In the KeSPA era, players largely relied on their team-based contracts, supplemented by tournament prize winnings (pictured), almost all of which came from corporate sponsors. In turn, sponsor logos and banners proliferated on player uniforms, at events, and other avenues visible during television broadcasts. Although team-based salaries provided consistent wages, the contracts were very much favored on the side of the teams, while the free agency process by which players could switch teams being highly restrictive. This resulted in players being locked in with one team for the duration of their careers, with limited opportunities to re-negotiate contracts.
In the current Afreeca/Korean Amateur era, players' incomes streams rely largely on direct sources, such as fan donations on Afreeca in the form of balloons (pictured), supplemented by tournament winnings. Additionally, in the current era, popular players frequently also acquire corporate sponsors directly from the business, with the streaming players placing advertising banners on their screens (pictured) and Afreeca pages. As such, these income streams are neither fixed nor provide consistent payments. At the same time, players now have the freedom to stream, or work, as they see fit, without the schedules prescribed by teams in the KeSPA era. High performing players often build large Afreeca followings and benefit from more donations, such as Bisu or Sea. At the same time, some of the strongest players, such as Killer and sSak, however, have relatively meager audiences. As such, it is notable that fan donations often do not correlate with player achievement, and thus are often not meritocratic. Rather, many players who are not the highest performers, such as Terror, Larva, or Shuttle, nonetheless have among the largest audiences and receive among the most donations for their entertaining streams which feature viewer-interaction, physical stunts, and a generally more extroverted or charismatic BJ/streamer.
In terms of tournament winnings, unlike the peak years of StarCraft popularity, where Starleague prize purses often exceeded $100,000, they have rarely surpassed $10,000 over the past few years. Although this represents a significantly decline in supplemental income, it is notable that prize winnings largely benefited the top finishers, with funds concentrated at the top, so income derived from tournaments was and is, by and large, not a steady source of wages.
Good News and Milestones
In October 2012, the snipealot streams started re-streaming Afreeca broadcasts on Twitch, gradually expanding to four dedicated StarCraft channels operating around the clock. The streams enabled non-Korean audiences to watch streams with lower latency and a chat interface for viewers. Access was further expanded in October 2014 when Afreeca enabled Flash-player streams of moderate quality and less lag.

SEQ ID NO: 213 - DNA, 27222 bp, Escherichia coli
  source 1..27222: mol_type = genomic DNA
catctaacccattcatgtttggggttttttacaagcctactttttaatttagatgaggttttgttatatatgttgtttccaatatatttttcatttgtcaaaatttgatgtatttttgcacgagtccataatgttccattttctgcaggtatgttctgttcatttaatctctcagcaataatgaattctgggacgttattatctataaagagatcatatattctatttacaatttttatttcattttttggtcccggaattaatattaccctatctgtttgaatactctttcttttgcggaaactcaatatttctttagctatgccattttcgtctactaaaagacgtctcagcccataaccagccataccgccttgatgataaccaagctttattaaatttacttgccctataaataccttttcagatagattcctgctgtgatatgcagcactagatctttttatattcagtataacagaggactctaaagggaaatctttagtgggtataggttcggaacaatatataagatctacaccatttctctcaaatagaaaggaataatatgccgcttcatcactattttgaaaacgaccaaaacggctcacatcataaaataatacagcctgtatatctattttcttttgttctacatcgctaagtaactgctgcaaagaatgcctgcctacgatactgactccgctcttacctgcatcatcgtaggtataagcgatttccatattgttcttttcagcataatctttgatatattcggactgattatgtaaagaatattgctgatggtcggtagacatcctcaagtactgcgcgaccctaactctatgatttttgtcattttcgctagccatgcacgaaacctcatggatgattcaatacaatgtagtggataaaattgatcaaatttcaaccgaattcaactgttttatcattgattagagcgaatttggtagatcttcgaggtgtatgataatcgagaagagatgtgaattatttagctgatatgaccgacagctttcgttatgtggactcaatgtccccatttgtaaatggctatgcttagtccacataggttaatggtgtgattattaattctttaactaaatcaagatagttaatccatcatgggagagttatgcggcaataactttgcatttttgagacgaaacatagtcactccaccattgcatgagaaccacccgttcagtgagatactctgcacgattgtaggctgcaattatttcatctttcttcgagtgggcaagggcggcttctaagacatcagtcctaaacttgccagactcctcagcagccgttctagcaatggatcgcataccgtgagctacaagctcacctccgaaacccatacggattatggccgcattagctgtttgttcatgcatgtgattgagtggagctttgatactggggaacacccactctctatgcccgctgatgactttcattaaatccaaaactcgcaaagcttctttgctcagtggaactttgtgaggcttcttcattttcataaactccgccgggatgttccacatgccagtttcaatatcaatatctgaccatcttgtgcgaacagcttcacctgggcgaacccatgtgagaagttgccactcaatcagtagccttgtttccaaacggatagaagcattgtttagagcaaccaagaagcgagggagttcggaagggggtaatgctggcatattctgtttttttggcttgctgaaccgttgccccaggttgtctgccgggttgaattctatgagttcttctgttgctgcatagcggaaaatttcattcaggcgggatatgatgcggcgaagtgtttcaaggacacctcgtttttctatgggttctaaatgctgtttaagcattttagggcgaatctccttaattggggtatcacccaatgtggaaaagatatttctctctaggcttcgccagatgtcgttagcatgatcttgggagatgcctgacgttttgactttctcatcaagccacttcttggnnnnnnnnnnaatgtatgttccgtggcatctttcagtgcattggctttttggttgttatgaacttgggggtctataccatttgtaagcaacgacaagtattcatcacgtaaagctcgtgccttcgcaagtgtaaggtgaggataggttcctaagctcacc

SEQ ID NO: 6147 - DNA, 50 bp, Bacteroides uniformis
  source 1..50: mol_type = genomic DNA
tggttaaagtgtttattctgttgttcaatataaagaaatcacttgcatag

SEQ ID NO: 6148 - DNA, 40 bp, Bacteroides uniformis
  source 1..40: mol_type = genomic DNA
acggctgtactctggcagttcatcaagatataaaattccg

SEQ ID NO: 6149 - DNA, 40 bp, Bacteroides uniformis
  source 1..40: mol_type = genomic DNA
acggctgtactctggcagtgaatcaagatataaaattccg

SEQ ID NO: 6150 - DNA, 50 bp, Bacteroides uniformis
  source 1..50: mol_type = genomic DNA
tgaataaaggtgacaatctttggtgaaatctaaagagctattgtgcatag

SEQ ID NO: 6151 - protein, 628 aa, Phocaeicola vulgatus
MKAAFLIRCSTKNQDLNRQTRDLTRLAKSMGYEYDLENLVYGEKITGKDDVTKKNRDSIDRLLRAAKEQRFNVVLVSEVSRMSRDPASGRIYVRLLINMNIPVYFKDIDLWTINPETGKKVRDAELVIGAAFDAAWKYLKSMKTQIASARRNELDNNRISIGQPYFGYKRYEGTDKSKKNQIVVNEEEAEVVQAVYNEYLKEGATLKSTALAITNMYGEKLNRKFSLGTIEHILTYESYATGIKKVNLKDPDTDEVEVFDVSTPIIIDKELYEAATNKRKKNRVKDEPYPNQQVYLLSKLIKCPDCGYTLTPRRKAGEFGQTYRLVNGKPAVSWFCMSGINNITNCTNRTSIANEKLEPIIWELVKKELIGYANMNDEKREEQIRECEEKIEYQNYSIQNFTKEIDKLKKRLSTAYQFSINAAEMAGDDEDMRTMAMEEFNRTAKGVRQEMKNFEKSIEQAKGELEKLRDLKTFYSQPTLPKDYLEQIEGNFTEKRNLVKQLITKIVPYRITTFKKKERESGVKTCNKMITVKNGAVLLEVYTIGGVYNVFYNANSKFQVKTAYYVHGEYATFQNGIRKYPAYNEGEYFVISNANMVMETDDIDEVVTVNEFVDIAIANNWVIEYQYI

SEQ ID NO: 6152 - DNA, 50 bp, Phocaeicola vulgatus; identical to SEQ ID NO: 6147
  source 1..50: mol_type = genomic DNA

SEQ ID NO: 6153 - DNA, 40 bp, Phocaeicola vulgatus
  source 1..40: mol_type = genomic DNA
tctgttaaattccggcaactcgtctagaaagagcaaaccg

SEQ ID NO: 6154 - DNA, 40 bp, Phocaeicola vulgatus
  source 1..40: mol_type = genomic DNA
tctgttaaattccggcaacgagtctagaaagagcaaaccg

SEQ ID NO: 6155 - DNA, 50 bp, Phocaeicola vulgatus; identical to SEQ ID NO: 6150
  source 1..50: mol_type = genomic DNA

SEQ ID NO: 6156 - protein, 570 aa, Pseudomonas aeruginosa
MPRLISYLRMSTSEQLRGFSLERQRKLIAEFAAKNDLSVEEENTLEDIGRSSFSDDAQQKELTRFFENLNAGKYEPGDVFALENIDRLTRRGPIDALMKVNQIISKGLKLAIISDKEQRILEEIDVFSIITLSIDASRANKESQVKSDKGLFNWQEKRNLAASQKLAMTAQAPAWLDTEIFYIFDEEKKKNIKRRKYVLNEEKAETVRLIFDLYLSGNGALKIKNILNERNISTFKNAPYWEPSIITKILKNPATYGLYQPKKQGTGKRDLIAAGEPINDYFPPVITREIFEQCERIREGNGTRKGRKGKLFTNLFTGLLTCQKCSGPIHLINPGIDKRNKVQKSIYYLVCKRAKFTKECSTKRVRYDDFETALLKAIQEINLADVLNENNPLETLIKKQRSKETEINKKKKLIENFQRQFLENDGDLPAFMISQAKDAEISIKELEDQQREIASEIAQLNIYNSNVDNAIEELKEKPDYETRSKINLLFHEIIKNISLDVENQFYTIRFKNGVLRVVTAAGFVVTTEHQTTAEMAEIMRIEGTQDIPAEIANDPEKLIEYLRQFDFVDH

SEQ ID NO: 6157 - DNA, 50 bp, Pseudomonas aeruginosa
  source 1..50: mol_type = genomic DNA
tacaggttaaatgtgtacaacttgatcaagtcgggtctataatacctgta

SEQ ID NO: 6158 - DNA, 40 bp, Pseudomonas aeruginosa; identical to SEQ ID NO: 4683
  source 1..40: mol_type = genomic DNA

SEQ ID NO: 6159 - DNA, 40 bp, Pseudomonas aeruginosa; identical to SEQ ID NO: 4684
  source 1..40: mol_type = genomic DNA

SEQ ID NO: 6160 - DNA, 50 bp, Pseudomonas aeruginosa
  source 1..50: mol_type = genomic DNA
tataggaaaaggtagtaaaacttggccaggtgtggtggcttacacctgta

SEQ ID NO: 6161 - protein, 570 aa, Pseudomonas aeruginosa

In February 2013, the TLPD began a separate SOSPA section to distinguish matches in the Korean Amateur scene with its separate field of players and Elo rating.
In December 2013, Sonic announced the opening of Sonic TV Studio for offline events with a capacity of 100. The group stages of SSL 9 were held there.
As of November 2014, Afreeca viewership of StarCraft continues to exceed just about every other game, except League of Legends, far outpacing the likes of DotA and SC2. Individually, the top 100 BJ rankings includes Bisu, Larva, and Pusan.
Not so Good News
In mid-November 2012, just before the SSL 7 grand finals, Blizzard notified Sonic and Afreeca's parent company of copyright infringement/lack of licensing, akin to the KeSPA dispute from a few years ago. Sonic later announced successful negotiations and the acquisition of licenses, with the finals resuming after only a delay of two weeks.
In mid-December 2012, during event matches ahead of SSL 8, Sonic revealed match-fixing had been taking place, with few details. After two tense weeks where Sonic considered ending all future events, he announced resolution of the situation and SSL 8 would continue.
Terror, immensely popular on Afreeca, was temporarily barred from streaming from April through October 2014 for various physical stunts carried out on-screen, particularly throwing a bucket of soy sauce on two teenagers. Additionally, Terror was outlawed from participating in Sonic-organized events in August 2014 after promoting an illegal betting site during a Sonic-led show match.
Fighting Spirit has been played by far the most, at almost three times the frequency of Neo Jade, Circuit Breaker, and Neo Electric Circuit. Fighting Spirit is also the default ladder map on the Fish Server. Rankings determined from TLPD Korean Amateur (as of November 2014)
In the Sbenu All-Stars Tournament, sSak, who generally streams from home, played the best-of-five finals, surprisingly, from a PC bang (cyber cafe). Nonetheless, he calmly defeated hero 3-0 in 45 minutes for the title.